Income and road rage. Is a driver’s propensity to engage in road rage related to his or her income? Researchers at Mississippi State University attempted to answer this question by conducting a survey of a representative sample of over 1,000 U.S. adult drivers (Accident Analysis and Prevention, Vol. 34, 2002). Based on how often each driver engaged in certain road rage behaviors (e.g., making obscene gestures at, tailgating, and thinking about physically hurting another driver), a road rage score was assigned. (Higher scores indicate a greater pattern of road rage behavior.) The drivers were also grouped by annual income: under $30,000, between $30,000 and $60,000, and over $60,000. The data were subjected to an analysis of variance, with the results summarized in the table.

a. Is there evidence to indicate that the mean road rage score differs for the three income groups? Test using a = .05.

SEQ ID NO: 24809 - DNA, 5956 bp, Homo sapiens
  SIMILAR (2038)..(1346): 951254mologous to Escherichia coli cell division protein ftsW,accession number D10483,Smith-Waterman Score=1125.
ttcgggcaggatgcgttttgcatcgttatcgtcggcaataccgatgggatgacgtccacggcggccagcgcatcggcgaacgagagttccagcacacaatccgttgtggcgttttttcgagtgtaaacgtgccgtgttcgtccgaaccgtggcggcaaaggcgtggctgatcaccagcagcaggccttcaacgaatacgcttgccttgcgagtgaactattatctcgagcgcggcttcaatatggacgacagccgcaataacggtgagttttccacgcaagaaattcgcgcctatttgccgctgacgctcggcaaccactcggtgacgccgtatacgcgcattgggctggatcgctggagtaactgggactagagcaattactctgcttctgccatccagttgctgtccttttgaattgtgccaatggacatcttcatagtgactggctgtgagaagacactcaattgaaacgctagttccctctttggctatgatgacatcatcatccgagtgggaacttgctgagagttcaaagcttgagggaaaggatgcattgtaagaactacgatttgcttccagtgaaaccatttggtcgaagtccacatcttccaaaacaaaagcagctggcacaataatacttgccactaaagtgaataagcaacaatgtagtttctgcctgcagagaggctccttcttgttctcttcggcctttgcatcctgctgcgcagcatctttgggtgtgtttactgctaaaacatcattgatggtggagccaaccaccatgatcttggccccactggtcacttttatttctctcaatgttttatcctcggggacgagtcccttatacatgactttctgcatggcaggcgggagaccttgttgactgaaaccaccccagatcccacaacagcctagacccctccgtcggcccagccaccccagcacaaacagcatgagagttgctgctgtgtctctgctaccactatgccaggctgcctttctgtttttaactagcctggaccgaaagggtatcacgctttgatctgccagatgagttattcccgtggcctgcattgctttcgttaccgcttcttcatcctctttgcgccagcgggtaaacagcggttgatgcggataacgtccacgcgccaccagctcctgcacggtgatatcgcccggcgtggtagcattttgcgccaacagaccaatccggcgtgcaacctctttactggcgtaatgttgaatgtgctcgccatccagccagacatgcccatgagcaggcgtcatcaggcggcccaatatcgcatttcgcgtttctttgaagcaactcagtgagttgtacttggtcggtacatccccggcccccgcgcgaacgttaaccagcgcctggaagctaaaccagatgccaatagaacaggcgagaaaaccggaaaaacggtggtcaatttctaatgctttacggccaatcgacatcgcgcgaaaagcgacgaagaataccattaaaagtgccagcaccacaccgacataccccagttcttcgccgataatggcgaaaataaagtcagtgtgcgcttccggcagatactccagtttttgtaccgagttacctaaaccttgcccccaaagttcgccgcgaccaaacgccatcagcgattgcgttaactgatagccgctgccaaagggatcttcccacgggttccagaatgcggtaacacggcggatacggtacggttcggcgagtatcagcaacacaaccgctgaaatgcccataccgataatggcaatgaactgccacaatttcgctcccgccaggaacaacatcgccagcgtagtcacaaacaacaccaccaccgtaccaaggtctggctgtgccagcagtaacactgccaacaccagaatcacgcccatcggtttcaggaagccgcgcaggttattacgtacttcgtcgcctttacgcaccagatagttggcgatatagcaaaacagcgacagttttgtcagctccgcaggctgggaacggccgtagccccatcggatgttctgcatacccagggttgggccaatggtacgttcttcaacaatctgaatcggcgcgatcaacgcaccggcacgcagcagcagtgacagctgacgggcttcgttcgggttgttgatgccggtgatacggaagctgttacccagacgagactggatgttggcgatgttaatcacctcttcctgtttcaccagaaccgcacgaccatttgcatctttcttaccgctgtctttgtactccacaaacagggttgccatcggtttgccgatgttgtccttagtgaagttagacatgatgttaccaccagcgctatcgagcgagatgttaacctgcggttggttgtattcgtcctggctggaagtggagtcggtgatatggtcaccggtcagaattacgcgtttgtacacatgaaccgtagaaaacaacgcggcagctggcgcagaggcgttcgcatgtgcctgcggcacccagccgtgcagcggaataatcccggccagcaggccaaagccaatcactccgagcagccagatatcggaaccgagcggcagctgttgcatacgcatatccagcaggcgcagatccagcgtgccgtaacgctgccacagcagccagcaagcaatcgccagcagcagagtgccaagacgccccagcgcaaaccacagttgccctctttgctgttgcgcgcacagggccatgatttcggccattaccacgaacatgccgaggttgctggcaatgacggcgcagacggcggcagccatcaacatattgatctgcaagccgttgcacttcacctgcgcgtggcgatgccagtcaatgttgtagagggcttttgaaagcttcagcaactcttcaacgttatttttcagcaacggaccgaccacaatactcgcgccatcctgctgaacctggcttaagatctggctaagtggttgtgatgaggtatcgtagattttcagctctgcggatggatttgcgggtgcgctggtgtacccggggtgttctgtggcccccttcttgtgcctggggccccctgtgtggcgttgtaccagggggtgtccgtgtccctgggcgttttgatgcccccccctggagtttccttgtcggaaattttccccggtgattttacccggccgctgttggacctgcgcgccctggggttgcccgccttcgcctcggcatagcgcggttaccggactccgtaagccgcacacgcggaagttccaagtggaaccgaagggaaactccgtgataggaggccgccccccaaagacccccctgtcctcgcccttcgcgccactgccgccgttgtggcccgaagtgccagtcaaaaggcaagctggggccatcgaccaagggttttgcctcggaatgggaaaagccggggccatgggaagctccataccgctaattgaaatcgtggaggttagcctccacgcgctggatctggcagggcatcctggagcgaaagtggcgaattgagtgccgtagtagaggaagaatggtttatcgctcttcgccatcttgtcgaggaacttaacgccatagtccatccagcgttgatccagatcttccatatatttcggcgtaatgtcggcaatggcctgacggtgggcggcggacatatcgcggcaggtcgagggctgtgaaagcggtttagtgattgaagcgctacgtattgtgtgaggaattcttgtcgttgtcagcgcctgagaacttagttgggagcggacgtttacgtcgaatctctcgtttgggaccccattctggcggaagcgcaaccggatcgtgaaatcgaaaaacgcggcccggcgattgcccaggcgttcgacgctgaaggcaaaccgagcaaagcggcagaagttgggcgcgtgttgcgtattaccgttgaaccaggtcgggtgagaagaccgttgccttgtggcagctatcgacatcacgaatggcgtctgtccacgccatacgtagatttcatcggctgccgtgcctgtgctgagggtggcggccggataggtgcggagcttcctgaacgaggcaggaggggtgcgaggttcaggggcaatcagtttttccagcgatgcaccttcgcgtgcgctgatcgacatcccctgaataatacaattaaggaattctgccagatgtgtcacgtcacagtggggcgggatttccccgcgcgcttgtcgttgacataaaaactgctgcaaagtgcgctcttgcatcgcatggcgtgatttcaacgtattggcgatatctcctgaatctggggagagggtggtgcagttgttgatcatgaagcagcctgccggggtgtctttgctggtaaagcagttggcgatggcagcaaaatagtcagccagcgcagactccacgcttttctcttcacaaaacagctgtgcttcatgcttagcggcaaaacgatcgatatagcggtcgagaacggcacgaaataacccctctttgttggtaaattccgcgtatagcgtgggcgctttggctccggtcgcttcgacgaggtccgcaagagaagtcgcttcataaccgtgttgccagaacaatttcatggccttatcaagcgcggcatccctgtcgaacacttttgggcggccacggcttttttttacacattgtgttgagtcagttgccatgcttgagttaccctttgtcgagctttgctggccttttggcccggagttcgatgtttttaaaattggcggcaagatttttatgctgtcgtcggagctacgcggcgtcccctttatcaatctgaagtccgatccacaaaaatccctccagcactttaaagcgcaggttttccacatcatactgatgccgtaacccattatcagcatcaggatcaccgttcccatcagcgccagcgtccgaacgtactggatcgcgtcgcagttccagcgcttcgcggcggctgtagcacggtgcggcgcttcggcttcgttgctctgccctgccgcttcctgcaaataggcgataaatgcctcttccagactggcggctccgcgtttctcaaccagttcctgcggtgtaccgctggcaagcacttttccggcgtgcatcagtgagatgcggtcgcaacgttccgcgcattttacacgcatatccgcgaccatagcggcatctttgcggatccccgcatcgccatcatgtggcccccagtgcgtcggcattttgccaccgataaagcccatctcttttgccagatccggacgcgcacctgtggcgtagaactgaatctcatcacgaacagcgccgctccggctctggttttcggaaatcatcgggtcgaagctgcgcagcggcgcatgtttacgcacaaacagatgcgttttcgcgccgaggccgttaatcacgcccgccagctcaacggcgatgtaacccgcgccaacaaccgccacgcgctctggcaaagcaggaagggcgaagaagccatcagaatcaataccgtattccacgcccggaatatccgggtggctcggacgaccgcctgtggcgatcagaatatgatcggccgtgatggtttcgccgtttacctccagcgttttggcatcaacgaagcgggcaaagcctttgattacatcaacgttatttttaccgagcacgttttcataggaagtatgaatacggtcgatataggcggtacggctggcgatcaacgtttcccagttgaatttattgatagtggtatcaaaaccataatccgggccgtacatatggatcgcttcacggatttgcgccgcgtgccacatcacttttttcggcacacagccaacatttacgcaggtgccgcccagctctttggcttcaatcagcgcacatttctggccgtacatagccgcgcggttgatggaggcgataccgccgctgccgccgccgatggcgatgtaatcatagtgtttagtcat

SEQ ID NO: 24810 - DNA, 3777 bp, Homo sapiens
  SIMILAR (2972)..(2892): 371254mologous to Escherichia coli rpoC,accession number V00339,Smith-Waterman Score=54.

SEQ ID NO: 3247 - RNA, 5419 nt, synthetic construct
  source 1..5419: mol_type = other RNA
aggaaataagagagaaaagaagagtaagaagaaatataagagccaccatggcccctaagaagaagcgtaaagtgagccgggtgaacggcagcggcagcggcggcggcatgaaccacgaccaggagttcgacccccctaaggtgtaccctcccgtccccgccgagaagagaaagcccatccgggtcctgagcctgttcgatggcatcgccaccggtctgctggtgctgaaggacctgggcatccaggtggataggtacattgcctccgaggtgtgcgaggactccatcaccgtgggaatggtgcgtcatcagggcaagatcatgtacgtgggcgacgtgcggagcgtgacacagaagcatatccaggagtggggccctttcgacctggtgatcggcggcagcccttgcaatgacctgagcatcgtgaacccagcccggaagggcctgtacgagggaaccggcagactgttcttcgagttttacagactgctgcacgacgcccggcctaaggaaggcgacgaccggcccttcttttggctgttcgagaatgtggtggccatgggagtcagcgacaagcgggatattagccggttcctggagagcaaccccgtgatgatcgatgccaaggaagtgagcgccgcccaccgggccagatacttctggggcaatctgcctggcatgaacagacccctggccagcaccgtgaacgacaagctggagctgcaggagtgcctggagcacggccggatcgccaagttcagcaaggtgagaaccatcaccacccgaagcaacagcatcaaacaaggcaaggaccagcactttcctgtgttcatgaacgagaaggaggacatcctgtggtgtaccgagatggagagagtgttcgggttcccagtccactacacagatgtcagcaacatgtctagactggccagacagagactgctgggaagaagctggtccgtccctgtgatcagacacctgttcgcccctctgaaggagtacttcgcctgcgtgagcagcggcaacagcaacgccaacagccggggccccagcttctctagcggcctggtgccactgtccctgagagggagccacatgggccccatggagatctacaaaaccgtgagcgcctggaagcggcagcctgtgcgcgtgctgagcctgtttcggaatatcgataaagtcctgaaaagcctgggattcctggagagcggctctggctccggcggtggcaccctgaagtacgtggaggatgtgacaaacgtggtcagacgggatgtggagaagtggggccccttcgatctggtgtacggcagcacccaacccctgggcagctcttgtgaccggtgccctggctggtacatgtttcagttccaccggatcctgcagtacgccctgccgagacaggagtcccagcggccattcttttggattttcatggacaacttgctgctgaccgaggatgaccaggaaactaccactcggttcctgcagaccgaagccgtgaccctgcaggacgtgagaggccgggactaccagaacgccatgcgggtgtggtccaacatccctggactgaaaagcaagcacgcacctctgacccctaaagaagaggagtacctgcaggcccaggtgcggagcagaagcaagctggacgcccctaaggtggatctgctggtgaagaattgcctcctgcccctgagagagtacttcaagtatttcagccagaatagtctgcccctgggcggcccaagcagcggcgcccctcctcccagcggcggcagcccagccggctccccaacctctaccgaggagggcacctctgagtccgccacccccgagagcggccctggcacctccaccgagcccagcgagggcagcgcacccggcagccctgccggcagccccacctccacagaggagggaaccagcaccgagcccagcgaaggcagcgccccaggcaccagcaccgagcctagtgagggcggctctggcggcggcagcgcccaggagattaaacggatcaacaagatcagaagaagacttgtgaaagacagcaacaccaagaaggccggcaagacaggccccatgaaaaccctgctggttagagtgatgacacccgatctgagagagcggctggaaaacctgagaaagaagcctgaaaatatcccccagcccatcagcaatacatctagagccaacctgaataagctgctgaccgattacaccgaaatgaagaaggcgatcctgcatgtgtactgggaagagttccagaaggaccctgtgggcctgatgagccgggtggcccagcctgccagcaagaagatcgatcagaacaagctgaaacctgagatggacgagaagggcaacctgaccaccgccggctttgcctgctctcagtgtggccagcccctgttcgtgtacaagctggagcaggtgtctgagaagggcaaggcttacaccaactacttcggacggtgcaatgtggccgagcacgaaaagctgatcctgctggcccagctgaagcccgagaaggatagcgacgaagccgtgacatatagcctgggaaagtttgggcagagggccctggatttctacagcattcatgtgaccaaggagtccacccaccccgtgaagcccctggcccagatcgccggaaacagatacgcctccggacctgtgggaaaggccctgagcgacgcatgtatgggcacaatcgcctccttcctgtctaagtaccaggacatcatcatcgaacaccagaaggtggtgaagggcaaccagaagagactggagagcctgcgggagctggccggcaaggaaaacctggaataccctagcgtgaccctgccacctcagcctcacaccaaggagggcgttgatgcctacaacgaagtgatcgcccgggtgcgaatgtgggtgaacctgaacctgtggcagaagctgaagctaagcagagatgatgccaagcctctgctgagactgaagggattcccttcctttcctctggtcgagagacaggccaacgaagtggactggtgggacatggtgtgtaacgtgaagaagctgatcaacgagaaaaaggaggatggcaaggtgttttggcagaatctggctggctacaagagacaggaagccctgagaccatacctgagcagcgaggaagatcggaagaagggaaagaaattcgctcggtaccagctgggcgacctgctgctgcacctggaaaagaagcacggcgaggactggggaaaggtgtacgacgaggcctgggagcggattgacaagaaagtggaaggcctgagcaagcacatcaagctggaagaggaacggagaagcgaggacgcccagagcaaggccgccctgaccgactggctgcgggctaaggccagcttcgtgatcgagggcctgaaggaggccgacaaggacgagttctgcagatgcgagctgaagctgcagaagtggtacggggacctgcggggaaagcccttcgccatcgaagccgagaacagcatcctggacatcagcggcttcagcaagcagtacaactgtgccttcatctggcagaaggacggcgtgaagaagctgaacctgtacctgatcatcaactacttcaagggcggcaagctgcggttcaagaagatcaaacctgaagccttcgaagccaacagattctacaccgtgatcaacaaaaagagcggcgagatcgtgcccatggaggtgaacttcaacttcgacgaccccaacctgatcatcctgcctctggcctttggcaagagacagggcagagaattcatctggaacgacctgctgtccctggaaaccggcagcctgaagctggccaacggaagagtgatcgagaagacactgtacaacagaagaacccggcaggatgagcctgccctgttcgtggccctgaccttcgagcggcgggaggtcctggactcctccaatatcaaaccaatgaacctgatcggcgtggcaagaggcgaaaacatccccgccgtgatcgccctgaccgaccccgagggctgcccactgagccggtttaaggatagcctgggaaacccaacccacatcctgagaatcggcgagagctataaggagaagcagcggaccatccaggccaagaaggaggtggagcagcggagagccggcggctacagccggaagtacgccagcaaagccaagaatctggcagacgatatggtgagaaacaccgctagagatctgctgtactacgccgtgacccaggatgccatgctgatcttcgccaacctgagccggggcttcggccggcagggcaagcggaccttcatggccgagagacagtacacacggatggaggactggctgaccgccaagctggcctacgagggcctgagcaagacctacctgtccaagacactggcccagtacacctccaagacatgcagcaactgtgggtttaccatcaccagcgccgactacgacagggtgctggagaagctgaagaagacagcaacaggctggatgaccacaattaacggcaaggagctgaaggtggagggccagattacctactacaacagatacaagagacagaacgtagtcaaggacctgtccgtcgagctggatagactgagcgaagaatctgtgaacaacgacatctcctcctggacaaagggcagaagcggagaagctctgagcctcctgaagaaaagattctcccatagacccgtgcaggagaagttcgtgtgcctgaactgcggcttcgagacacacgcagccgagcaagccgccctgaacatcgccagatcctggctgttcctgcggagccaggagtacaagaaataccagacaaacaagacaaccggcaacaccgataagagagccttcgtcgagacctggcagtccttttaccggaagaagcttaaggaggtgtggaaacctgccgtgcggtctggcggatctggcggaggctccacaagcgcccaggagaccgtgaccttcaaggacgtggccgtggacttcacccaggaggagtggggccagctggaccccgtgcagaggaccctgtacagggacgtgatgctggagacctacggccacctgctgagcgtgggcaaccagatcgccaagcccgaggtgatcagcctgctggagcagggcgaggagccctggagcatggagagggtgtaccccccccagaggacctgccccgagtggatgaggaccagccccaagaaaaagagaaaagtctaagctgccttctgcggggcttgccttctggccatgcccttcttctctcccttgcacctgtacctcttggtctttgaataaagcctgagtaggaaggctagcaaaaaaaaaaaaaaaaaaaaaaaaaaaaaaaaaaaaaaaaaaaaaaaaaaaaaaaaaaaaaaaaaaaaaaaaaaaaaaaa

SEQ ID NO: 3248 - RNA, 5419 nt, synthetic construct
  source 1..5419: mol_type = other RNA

b. An experimentwise error rate of .01 was used to rank the three means. Give a practical interpretation of this error rate.

c. How many pairwise comparisons are necessary to compare the three means? List them.

d. A multiple comparisons procedure revealed that the means for the income groups $30,000–$60,000 and over $60,000 were not significantly different. All other pairs of means were found to be significantly different. Summarize these results in table form.

e. Which of the comparisons of part c will yield a confidence interval that does not contain 0?

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